The debate on debt may go down as the defining debate of this decade. Everyone is painfully aware that after a borrowing-fuelled consumption and property bubble, Ireland is now reeling from the hangover.
The government is over-indebted, businesses are over-indebted, and families are over-indebted. Even the banks themselves are over-indebted, mandated by the troika to shrink their balance sheets, reining in credit for everyone else as a result. As a nation, we are among the world’s leaders in the borrowing race, total private sector credit standing at over 300% of GDP, even after IFSC activities are stripped out, and general government debt nearing 120% of GDP.
This debt overhang is undoubtedly undermining investment, job-creation and economic growth. Everyone is spending less, borrowing less, investing less and busy paying down loans to ‘repair their balance sheets’. Even though Ireland’s savings rate has increased markedly in recent years to about 11%, investment as a proportion of GDP is only 10%, near record lows and about half of where it needs to be at to retain and improve the country’s production capacity.
Household debt in Ireland is double disposable income and nearly a third of total household assets, both measures having roughly doubled since 2003. 1-in-9 mortgages on family homes were in arrears of more than 90 days by the end of September 2012. This rises to nearly 1-in-5 for investment properties. Half of all mortgages are estimated to be in negative equity.
That’s the problem. What’s the solution?
It is a simple statement of fact that debt that can’t be repaid, won’t be repaid and will eventually be written off. For many firms, families and financiers across the country, this is an inescapable reality. Already, the banks have been stuffed chock-full of taxpayers’ money so that they can withstand the inevitable, but they are dragging their heels, thus far impervious to the authorities’ moral suasion. While it cannot be excluded that the banks will need more capital in the future, the economy has not deteriorated quite so much as the worst-case scenario envisaged when they were last recapitalized in 2011. The banks have enough money to do the necessary.
As well as burning bondholders and foreign depositors, Iceland offered mortgage relief to anyone whose mortgage was more than 110% of the value of their property. A blanket writedown of mortgage and other debt in Ireland, however, would be unwise and badly targeted, if not impossible. Even though such a drastic approach would provide a fillip for the economy, the cost would ultimately be borne by Irish taxpayers, now proud owners of a significant chunk of the banking system. Typically, debt levels are correlated with income and wealth levels – so a blanket writedown would benefit the wealthy most in relative and in absolute terms, as happened in Iceland. Such a perverse distribution outcome must surely be considered intolerable in Ireland.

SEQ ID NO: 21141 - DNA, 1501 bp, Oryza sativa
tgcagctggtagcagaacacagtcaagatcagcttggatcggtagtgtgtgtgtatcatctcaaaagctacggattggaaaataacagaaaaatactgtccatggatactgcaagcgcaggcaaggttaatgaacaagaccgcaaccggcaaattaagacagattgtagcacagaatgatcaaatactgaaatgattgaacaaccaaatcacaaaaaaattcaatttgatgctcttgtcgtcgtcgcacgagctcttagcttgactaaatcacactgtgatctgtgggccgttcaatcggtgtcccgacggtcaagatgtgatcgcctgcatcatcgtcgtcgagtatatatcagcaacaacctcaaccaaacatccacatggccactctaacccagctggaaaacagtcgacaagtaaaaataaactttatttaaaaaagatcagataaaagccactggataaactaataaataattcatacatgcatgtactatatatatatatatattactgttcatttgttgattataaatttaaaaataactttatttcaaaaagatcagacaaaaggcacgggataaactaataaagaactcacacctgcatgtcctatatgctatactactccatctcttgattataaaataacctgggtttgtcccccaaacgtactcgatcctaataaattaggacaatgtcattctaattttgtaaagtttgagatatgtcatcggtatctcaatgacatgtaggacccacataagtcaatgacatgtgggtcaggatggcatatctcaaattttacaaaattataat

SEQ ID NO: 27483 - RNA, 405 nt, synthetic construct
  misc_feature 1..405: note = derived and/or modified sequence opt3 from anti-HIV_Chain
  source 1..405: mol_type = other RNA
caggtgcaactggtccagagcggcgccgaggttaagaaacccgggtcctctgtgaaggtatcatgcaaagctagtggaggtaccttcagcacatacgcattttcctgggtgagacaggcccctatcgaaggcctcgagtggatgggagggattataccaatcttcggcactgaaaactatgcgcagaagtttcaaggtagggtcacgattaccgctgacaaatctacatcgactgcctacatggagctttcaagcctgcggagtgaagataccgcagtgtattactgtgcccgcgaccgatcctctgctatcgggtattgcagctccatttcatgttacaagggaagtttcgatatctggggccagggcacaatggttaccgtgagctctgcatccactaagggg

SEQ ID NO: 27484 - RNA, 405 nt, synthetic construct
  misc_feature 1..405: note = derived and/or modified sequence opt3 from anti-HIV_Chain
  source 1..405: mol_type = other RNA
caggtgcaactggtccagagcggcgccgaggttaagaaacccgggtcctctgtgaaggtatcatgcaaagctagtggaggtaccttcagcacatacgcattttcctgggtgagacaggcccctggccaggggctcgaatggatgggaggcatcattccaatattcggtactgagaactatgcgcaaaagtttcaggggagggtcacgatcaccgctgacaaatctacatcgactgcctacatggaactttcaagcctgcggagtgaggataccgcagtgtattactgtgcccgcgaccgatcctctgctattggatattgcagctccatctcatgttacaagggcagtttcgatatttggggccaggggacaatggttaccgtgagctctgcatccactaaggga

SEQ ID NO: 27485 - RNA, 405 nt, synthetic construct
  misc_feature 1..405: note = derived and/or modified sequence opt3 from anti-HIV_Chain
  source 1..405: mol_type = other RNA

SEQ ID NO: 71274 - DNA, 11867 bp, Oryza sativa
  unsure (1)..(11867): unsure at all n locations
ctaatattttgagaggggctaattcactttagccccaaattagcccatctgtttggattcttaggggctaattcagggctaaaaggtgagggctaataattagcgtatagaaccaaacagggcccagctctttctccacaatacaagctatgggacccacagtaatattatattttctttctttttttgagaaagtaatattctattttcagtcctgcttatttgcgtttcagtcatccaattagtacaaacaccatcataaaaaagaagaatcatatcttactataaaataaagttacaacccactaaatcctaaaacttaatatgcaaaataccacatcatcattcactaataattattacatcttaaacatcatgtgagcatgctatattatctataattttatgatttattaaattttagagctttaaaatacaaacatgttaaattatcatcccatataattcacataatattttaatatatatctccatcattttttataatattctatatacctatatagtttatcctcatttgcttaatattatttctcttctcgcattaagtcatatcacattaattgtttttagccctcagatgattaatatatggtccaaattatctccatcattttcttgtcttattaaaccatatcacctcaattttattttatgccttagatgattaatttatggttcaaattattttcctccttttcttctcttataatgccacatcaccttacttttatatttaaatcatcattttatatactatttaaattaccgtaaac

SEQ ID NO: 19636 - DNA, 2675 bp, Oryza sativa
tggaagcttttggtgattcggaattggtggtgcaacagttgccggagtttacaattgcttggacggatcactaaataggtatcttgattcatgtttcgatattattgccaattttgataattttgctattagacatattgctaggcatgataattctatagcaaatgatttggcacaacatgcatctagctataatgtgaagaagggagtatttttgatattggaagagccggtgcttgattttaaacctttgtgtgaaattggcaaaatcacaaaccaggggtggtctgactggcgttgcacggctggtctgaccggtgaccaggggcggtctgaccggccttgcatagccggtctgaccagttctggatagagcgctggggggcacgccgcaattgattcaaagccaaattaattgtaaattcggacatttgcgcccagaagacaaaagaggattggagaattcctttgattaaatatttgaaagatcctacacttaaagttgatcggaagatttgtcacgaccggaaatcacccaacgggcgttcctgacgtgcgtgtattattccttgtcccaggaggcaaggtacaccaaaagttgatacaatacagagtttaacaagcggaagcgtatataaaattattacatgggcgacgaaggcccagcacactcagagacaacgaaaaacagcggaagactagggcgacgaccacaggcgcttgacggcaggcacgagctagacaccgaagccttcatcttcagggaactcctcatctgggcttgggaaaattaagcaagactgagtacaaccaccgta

We need to face up to the reality, and the unfairness, of ‘moral hazard’ or ‘strategic default’. Hard-pressed taxpayers can’t be expected to foot the bill for those who don’t want to pay as well as those who can’t pay. Insofar as possible, we need to distinguish between these two groups, providing relief to the latter and penalties for the former. There is an important difference between a family with reduced means struggling to meet home mortgage repayments and investors with a string of properties trying to game the system.
Legislation needs to be introduced to facilitate repossession as a last resort. If collateral cannot be repossessed, then the whole concept of mortgage lending breaks down. Some landlords are taking in rent, but refusing to pay their mortgage, in the knowledge that the banks are unwilling or unable to repossess and in the hope that their debt will be written down.
In line with the EU Commission’s sensible advice, the €3m ceiling on eligible debt under the personal insolvency legislation should be significantly reduced. Ultimately, all taxpayers will foot the bill for debt writedowns, and the inclusion of multiple investment properties and trophy homes under the legislation may further skew the benefits in favour of property speculators over struggling families.
For those who truly cannot, and likely will not be able to, repay the mortgage on their family home, swift, compassionate, action by lenders is of the essence. Herculean forbearance simply forestalls the inevitable and prolongs the misery. Certainly, innovative solutions like equity-sharing arrangements should be encouraged, but not at the expense of resolute action.
Debt relief targeted where it is needed, and as quickly as possible, is the right thing for the economy, the right thing for society, and the right thing by taxpayers. To speed things along, we need to see a little less jaw-jaw and a little more war-war from the authorities.